Investors always want to know how we manage our client's money.

During the "Search for an Advisor Period"....when a potential client is meeting with us for the first time and often interviewing other advisors as well, this question always comes up. 

Good question... and a fair question!

Well, we employ an "active" vs. a passive buy and hold money mangement strategy.  We actively seek to minimize drawdowns in client accounts by reducing risk and raising cash when appropriate, or taking profits and finding new opportunities, or maybe just sitting on the sidelines for a little while with a good amount of cash to redeploy when a new opportunity arises or volatility settles down. We will also apply "hedging positions" to freeze accounts or minimize the downside.


We use ETF's and stocks in our portfolios. An ETF (Exchange Traded Fund) is essentially a basket of stocks that are segregated in some form based on the sectors stocks operate in; if they are large cap stocks, small cap stocks,  growth stocks, low volatility stocks, etc. ETF's catagorize stocks into groups. For example, there is a financial ETF that contains banks and payment services. There is a Semiconductor ETF containing only stocks that are associated with building and selling semiconductor chips.  There are ETF's that are just Large Cap Growth stocks or Mid Cap stocks only, and even country specific ETF's.  So, there are nearly 3,000 ETF's out there in all these different forms.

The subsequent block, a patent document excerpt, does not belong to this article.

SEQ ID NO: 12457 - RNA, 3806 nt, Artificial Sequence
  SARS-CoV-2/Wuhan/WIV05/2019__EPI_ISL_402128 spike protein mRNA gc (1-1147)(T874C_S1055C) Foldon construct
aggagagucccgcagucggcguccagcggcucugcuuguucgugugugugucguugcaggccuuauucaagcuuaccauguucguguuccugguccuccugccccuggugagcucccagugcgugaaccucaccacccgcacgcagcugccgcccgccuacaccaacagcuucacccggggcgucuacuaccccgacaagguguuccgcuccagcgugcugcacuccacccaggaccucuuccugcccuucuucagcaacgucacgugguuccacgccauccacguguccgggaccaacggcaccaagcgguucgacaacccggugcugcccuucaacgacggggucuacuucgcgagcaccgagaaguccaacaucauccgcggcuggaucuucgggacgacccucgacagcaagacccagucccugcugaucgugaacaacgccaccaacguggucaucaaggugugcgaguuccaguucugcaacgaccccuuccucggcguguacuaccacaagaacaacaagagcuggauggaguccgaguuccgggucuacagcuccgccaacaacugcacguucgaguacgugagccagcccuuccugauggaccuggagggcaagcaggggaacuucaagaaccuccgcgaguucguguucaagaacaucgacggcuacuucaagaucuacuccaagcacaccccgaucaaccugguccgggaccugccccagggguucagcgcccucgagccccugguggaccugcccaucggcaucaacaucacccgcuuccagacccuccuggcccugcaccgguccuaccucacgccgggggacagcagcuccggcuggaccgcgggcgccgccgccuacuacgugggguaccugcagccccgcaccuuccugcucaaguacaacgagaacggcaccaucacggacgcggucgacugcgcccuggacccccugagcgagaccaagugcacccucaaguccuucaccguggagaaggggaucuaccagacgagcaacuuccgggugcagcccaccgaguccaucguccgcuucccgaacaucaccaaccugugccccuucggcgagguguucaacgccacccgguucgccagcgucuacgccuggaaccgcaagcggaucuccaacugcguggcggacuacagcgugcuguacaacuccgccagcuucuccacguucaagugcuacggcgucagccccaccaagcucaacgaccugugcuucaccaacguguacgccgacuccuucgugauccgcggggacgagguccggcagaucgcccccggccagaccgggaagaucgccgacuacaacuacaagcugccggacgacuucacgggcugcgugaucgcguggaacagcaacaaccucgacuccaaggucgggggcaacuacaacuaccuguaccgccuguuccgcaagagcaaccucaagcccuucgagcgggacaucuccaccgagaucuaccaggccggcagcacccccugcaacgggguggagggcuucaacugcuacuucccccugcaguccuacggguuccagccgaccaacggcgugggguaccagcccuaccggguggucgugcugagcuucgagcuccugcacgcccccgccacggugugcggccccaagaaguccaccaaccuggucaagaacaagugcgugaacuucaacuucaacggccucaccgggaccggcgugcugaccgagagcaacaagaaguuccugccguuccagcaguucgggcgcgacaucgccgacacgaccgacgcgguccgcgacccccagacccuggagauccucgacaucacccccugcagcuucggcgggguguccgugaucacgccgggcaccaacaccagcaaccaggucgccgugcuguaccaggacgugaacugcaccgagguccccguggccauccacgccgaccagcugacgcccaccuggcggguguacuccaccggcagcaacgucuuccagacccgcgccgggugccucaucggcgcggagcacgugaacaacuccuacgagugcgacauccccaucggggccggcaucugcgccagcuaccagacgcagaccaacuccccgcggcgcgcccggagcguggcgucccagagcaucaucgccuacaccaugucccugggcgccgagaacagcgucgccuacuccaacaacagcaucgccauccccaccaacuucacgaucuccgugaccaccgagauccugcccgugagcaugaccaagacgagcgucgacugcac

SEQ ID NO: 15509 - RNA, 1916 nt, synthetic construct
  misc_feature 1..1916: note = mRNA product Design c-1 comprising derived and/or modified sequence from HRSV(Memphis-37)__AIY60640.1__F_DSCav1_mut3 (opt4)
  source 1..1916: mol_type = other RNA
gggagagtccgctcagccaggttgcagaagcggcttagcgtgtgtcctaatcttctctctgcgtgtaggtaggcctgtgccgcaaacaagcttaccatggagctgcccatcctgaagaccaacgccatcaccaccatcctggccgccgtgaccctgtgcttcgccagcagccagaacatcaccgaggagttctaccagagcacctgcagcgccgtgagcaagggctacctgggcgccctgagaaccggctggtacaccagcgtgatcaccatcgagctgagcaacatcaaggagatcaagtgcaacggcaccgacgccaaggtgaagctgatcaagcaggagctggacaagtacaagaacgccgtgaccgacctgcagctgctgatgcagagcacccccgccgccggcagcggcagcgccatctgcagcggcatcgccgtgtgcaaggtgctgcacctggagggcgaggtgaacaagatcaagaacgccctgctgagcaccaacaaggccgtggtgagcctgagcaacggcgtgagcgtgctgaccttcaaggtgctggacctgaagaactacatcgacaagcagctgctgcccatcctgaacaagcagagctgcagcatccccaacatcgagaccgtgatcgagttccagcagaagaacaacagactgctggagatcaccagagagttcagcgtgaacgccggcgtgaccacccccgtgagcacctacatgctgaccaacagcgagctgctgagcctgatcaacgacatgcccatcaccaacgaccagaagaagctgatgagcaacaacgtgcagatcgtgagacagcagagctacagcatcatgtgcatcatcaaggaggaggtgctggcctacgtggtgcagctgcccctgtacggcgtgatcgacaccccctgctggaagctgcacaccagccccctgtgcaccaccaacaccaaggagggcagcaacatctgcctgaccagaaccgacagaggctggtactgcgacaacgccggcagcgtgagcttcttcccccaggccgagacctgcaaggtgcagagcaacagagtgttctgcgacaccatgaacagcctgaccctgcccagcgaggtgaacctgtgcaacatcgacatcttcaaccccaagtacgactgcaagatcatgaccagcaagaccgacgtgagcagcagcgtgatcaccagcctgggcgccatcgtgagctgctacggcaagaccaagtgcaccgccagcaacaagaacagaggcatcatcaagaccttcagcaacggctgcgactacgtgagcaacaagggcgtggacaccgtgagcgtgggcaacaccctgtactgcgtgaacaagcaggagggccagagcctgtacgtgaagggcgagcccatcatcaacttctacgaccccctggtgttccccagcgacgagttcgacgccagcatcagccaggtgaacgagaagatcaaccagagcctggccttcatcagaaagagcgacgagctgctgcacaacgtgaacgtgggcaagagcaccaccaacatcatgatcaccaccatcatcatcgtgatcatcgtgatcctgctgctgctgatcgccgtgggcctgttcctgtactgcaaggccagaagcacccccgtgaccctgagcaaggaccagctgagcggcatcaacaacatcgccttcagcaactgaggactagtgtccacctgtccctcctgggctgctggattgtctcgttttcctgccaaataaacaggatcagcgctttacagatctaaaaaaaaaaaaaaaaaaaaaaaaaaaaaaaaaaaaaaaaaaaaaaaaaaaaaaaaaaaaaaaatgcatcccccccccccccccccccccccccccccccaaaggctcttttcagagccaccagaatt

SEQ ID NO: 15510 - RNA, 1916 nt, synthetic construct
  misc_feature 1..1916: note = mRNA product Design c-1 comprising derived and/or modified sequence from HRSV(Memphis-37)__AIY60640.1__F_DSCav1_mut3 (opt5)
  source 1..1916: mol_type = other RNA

We also use stocks in our portfolios. We like to have a solid base of good well known Blue Chip stocks as core stock positions. Some examples would include stocks like Apple, Microsoft, AT&T, Verizon, WalMart, ExxonMobil, Disney, or JP Morgan Chase to name a few.  Then on top of those we like to add some more speculative stocks that are smaller companies, or not so well known but have great potential price appreciation.  These more speculative type stocks are not long term holds and will get switched in and out much more often because they can have much greater and faster price fluctuations.


Our process for selecting ETF's and stocks is proprietary so we're not giving out the exact details on that but will explain some of the process here.

For the ETF portion we want to have a core base of the S&P-500 and typically the Nasdaq 100 or some form of the Nasdaq. These two positions will typically contain between 40%-60% of the portfolio. Then we look for sector ETF's that will consist of roughly 20%-30% of the portfolio. Finally, we will have the core Blue Chip stocks making up approximately 10%-15%, and the remaining 5%-10% will be lesser know more speculative stocks that get rotated more frequently. 


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